10 ways African banks are partnering with fintech firms

02Nov 2017
The Guardian
10 ways African banks are partnering with fintech firms

Banks in Africa are beginning to understand that partnering with tech startups is a smart way to innovate and stay relevant for their customers.

M-Pesa and other similar services work with banks to enable transfers from the user’s bank accounts to the mobile money platforms. File photo

Examples of this are present throughout the continent, with traditional banking institutions working together with financial technology (fintech) firms for mutual benefit.

 

Sectors such as mobile payments, remittance and alternative finance have been significant growth areas for African fintech startups.

 

Other sectors such as online trading, wealth management and insurance are also enjoying the emergence of disruptive fintech startups that are challenging the dominance of traditional financial institutions in those sectors.

 

As a result, these banks are more willing to partner with fintech startups for the sake of innovation. Here are 10 ways in which African banks are partnering with tech startups to innovate.

 

Flutterwave – Zenith Bank and others

Y Combinator-backed startup Flutterwave is a Nigerian app that provides a modern transaction infrastructure that is designed to allow payments to be made and accepted via mobile.

 

The startup, which was founded by a team of ex-bankers, entrepreneurs and engineers, is partnered with 10 African banks, including the likes of Zenith Bank, Access Bank, GT Bank and Fidelity.

 

Numerous Fintech Startups – Barclays Africa Group

The Barclays Accelerator, powered by Barclays Africa Group, is dedicating resources and efforts towards backing fintech startups that are attempting to solve financial and banking issues within the African context.

 

After the program of networking, mentoring and development, Barclays continue to work closely with selected startups to explore promising new technology-based solutions that can benefit their customers.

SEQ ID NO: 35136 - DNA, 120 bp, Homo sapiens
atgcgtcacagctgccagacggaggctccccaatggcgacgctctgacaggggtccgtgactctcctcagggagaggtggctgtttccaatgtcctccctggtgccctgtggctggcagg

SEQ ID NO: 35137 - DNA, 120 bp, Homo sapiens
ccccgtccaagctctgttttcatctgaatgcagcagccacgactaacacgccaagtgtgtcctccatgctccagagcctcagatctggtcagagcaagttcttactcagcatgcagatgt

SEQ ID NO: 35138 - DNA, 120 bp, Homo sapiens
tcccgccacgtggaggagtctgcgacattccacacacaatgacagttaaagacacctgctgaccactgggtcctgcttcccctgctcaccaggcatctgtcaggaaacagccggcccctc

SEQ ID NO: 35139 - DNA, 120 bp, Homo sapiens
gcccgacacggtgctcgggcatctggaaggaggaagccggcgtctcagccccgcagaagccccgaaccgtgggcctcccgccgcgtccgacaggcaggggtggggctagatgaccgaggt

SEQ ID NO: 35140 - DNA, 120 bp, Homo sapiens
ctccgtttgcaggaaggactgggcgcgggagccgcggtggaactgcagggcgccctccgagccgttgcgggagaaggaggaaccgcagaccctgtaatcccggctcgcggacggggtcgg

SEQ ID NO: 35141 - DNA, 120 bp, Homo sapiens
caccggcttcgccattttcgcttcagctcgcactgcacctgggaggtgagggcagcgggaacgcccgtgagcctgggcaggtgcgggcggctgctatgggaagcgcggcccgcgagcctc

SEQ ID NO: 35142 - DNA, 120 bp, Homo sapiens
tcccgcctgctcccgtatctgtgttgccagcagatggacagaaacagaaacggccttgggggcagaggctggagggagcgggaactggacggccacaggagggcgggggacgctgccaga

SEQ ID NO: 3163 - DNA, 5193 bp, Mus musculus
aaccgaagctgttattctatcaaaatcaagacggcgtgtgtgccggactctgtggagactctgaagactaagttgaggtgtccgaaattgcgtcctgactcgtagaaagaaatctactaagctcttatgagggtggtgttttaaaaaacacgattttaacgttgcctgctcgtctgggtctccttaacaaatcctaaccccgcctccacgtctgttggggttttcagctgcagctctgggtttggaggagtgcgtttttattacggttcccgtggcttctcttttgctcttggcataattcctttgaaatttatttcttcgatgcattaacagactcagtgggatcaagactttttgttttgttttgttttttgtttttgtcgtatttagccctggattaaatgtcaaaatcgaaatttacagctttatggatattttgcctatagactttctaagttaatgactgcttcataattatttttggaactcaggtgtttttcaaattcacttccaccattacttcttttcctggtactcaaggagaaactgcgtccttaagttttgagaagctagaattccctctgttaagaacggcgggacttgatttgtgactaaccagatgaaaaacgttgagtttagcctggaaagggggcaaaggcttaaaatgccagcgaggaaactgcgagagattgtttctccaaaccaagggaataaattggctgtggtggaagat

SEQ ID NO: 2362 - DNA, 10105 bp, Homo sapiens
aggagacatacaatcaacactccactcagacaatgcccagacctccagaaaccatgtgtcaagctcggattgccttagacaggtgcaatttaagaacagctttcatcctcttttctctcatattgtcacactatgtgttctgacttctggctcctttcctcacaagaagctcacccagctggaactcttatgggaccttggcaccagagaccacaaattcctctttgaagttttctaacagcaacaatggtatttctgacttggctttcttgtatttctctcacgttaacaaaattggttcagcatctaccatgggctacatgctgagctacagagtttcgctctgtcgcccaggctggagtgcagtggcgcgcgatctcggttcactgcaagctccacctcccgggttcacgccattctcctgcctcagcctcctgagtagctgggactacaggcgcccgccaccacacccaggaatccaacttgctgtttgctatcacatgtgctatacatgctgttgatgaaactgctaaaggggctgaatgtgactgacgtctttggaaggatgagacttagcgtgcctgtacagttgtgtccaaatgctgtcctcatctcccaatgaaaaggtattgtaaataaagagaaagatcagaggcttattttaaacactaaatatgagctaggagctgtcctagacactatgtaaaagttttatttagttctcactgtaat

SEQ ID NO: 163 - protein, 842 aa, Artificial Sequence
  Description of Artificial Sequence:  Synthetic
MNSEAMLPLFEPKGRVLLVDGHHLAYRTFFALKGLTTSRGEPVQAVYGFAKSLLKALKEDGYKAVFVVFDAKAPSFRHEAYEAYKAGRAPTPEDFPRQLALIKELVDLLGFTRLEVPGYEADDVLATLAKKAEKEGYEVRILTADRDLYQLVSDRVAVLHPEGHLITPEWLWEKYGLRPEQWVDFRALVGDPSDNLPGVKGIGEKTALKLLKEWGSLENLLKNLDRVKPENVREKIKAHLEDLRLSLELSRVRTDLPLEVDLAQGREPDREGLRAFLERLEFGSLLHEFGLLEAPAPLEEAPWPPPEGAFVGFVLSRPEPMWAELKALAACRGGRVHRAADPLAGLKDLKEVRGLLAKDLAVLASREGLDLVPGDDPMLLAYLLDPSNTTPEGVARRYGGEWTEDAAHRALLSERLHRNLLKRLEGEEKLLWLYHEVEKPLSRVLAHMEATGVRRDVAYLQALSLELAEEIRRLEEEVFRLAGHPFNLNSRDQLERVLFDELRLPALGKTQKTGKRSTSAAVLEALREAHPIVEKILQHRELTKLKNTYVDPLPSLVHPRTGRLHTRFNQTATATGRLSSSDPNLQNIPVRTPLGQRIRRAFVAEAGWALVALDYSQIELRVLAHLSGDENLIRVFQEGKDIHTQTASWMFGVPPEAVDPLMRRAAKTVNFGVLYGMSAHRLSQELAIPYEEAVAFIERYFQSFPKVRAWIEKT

Shyft – Standard Bank

Developed in collaboration with South Africa’s Standard Bank, Shyft allows customers to take care of all their forex needs from their mobile phone, with no need to visit a bank branch.

 

Customers are able to purchase and store forex, transfer funds overseas, order multi-currency physical travel cards, and create virtual cards that can be used for international online shopping, all from their mobile phone.

 

SnapScan – Standard Bank

SnapScan creator Firepay was formed in 2013 to apply new mobile payments technology to build innovative products. In 2014 Firepay launched SnapScan in partnership with Standard Bank, so customers could pay for things at restaurants and retailers in South Africa using their mobile phone.

 

SnapScan is now used by hundreds of thousands of customers at more than 32,000 physical and online merchants.

 

22Seven – Old Mutual

22Seven is a Cape Town-based mobile money application that was launched in 2012. The personal finance tool, backed by Nedbank’s parent company Old Mutual, connects users to their bank accounts and enables them to keep track of their spending, make personal budgets and even invest in stocks.

 

WizzPass – Numerous Banks

WizzPass is a visitor management and parking solution for office parks, corporate office buildings, paid parking and residential parking, enabling simplified payment for parking. The South African fintech startup works closely with banks as partners and as clients, and earlier this year raised funding from the Barclays Seeker Fund.

 

M-Pesa – Equity Bank and other banks in East Africa

While M-Pesa has often been seen as a rival to Kenya’s banking system, the mobile money transfer service also works with banks in the country to enable transfers from the user’s bank accounts to the M-Pesa platform, by registering for mobile banking at their bank branch.

 

Umati Capital and Kyatabu – Citi Bank

In 2015, Citi Bank launched a Mobile Challenge in East Africa, in which developers had to build innovative solutions based on Citi’s digital platform. Kenyan fintech startups Umati Capital and Kyatabu were eventually named among the winners of the Citi Mobile Challenge, walking away with US$25,000 each while partnering with the bank.

 

Co-Creation Hub – Bank of Industry

Nigerian incubator Co-Creation Hub (CcHub) partnered with Venture Garden Group, Omidyar Network and the Bank of Industry to launch the US$5 million Social Innovation Fund. The fund is aimed at supporting young entrepreneurs with solutions to local challenges. Individual startups are offered funding of between US$50,000 and US$150,000.

 

Fintech Startups – Chase Bank

Kenya’s Chase Bank has been a supporter of fintech innovation for the last few years, launching the SME Biz Hubs in Nairobi and Mombasa in 2015, providing space for entrepreneurs to meet and network. The bank also partnered with Kenyan incubator iHub to offer startups the opportunity to receive financial and advisory support that would assist with growth.